Biodiversity: A Call for Discovery

By Nicole Mae Halasan
Published 2019 November 5 – From November 2019 Issue

“What’s more to life?” Words you would plausibly reel off as you heed new species that have yet to be discovered. Coexisting in a world bounteous of fascinating creatures that you’ve barely even cognize would exist. Round-the-clock search has been ergo a preeminent concern for biodiversity researchers to contribute in the taxonomic classification system of animals that seems at the end of rainbow from its fulfillment. According to Michael Donoghue of Yale University and William Alverson of Chicago’s Field Museum (Conniff 2010), years and years after, vibrant and new marvel species keep on popping out, justly proving that we are living in “a new age of discovery.”

Biodiversity scientists approximated that around 90% of the species on Earth are still undiscovered, thus it hands over a shot for all researchers to relentlessly explore God’s wonder. In 2018, notable collaborations of international museums, biodiversity laboratories and the California Academy of Sciences ensued discovery of 222 new animal species including 120 wasps, 34 sea slugs, 28 ants, 19 fish, seven spiders, four eels, three sharks, two water bears, one frog, one snake, one seahorse, one moss, and one liverwort plant. This discovery made their quest across over five continents and three oceans, inclusive of taking a plunge into river-carved canyons, lunging to maximal ocean depths, and furbishing murky forests, worth-taking (Imster 2018).

Withal, as quipped by Dr. Tim Littlewood, Head of Life Sciences at the Museum Today, scientists responded to the advent of modernism by creating advances in imaging, microscopy, biochemical analyses, and especially in molecular biology that yielded new data beyond traditional morphology that can differentiate or unite groups of organisms into species (Davis, 2018). One such example is

DNA barcoding, which is a process of species identification that uses a genetic marker to discern if an organism belongs to a particular species (Livingston, 2014).

In fact, this method, along with the diversity assessment Global Malaise Project, has been utilized by Ateneo de Manila University faculty members Ms. Jhoana M. Garces and Mr. Emmanuel D. Delocado in their PhD dissertation entitled, “Integrative Taxonomic Framework Extending the knowledge in Southeast Asia, Genus Dodgeodes” and “Knowledge Gaps and Areas for Exploration on Freshwater Biodiversity: A look at Limnichidae Beetles” respectively.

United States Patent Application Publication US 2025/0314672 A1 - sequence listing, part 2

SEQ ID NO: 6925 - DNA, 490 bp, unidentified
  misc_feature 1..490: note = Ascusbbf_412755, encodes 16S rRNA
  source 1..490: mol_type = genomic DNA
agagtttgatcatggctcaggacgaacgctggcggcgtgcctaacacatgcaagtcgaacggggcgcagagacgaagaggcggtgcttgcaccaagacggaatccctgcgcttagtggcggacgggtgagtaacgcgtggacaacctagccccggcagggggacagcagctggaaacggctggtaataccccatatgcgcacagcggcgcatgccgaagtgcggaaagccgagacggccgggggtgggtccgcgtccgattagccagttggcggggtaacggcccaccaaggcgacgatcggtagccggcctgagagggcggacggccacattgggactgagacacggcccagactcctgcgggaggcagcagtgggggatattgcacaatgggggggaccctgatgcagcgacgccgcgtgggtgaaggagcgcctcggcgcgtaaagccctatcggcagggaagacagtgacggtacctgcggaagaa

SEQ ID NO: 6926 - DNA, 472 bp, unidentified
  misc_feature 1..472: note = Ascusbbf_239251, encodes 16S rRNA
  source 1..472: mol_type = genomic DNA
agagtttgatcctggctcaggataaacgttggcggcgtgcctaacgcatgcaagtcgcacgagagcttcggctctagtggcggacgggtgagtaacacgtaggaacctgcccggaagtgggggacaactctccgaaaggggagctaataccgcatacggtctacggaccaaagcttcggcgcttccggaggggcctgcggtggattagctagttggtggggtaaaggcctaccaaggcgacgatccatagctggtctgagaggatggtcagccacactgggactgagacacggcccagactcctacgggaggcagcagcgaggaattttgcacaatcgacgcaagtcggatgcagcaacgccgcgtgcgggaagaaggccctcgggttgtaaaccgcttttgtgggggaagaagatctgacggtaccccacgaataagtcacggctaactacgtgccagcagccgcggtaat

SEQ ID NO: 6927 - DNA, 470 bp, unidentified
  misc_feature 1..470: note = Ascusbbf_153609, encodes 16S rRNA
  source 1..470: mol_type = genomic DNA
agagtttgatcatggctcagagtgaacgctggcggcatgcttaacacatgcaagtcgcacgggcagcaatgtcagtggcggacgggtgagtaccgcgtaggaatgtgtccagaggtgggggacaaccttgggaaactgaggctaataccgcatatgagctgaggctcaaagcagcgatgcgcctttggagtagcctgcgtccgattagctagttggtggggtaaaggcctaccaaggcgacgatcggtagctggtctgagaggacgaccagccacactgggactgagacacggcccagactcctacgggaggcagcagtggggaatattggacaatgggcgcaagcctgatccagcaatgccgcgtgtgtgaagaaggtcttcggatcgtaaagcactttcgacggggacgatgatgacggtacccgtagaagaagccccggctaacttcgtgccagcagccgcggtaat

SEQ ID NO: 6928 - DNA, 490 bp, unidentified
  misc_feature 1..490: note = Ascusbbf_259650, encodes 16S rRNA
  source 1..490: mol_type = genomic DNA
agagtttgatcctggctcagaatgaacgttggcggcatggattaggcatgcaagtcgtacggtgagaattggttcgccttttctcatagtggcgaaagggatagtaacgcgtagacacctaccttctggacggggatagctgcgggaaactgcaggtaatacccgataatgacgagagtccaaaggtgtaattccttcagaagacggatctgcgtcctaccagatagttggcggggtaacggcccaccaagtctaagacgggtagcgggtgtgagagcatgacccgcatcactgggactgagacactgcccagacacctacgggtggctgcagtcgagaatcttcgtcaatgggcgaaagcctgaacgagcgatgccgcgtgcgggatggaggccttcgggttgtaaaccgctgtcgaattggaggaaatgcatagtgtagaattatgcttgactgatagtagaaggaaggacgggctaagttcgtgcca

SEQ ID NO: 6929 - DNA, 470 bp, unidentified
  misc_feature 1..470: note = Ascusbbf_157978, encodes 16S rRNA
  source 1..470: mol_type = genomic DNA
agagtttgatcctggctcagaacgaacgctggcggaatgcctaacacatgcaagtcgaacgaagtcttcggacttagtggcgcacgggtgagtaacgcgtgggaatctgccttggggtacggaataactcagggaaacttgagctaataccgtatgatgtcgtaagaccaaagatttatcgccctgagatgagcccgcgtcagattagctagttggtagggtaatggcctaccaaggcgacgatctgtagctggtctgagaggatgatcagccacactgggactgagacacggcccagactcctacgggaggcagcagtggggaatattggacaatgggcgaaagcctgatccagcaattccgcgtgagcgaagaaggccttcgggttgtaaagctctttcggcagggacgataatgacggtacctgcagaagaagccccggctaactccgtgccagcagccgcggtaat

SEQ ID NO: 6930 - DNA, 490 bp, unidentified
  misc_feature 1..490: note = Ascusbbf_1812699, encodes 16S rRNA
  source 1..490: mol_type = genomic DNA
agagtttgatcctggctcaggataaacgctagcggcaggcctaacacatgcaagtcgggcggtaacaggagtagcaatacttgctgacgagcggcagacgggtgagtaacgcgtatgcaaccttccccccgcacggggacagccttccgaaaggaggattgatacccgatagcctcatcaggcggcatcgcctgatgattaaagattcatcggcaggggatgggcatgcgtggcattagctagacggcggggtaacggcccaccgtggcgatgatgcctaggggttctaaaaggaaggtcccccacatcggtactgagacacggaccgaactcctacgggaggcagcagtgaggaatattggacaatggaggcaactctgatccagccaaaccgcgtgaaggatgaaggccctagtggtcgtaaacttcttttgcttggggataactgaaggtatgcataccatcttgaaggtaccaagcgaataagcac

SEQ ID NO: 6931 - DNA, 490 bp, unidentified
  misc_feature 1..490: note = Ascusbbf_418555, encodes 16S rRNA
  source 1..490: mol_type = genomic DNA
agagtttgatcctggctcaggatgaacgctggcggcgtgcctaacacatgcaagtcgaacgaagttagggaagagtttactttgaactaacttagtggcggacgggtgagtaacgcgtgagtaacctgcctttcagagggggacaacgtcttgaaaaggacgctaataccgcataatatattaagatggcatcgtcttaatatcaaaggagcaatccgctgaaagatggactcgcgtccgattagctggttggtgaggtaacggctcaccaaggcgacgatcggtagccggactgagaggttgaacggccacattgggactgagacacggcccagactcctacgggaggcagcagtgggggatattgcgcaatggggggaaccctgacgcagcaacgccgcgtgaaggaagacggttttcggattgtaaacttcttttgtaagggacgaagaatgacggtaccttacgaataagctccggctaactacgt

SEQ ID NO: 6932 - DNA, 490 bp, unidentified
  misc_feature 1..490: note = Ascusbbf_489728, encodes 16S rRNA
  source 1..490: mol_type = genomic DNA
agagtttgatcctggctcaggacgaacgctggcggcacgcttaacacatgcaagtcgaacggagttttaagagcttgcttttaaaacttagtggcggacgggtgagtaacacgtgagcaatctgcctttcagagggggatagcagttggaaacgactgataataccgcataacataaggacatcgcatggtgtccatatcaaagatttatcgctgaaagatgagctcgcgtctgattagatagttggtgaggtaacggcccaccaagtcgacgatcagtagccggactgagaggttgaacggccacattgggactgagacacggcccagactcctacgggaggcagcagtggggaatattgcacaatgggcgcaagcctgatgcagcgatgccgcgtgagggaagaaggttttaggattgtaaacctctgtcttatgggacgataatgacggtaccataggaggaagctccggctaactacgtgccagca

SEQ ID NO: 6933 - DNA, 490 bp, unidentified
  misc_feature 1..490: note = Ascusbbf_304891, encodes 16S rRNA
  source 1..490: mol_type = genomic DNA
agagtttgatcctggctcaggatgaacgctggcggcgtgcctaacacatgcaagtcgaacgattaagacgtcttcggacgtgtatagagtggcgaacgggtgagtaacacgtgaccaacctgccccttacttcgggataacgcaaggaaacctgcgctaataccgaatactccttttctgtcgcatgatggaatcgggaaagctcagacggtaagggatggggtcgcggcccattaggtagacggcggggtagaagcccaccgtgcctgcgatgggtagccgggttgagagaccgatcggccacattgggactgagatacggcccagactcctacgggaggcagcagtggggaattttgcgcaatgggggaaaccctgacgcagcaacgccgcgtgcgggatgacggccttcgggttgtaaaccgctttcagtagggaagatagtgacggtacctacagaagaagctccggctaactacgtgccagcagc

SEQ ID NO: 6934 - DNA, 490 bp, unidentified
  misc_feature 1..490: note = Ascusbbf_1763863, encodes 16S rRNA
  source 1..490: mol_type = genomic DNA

This urge for the researchers to discover new species before they cease to exist is new species natural habitats and rapid extinction before they rates of animals and even plants as cease to exist exemplified by Florida Museum Director, Douglas Jones (Livingston, 2014). For it is not just for taxonomic classification, but more on to serve as novel gateways of groundbreaking innovations in science and technology, or perhaps society wherein it will remind us that we are one of the stewards of our sole planet. Given this, we are obliged to carry on the responsibility of protecting and maintaining this diversity of life for the sake of our thriving ecosystems.


References

Davis J. 2018. Over 270 new species described in 2018 [Internet). Natural History Museum: [cited 2019 Oct 25]. Available from: https://www.nhm.ac.uk/discover/news/2018/december/over-270-new-species-discovered-in-2018.html

Imster E. 2018. Scientists describe 229 new species in 2018 [Internet). Earthsky Communications: [cited 2019 Oct 25]. Available from: https://earthsky.org/earth/newspecies-2018

Livingston S. 2014. Discovery of over 100 new species (Internet). Florida Museum: (cited 2019 Oct 25). Available from: https://www.floridamuseum.ufl.edu/science/discovery-ofover-100-new-species/

Conniff R. 2010. Meet the new species (Internet]. Smithsonian.com: [cited 2019 Oct 25). Available from: https://www.smithsonianmag.com/science-nature/meet-the-newspecies-748819/

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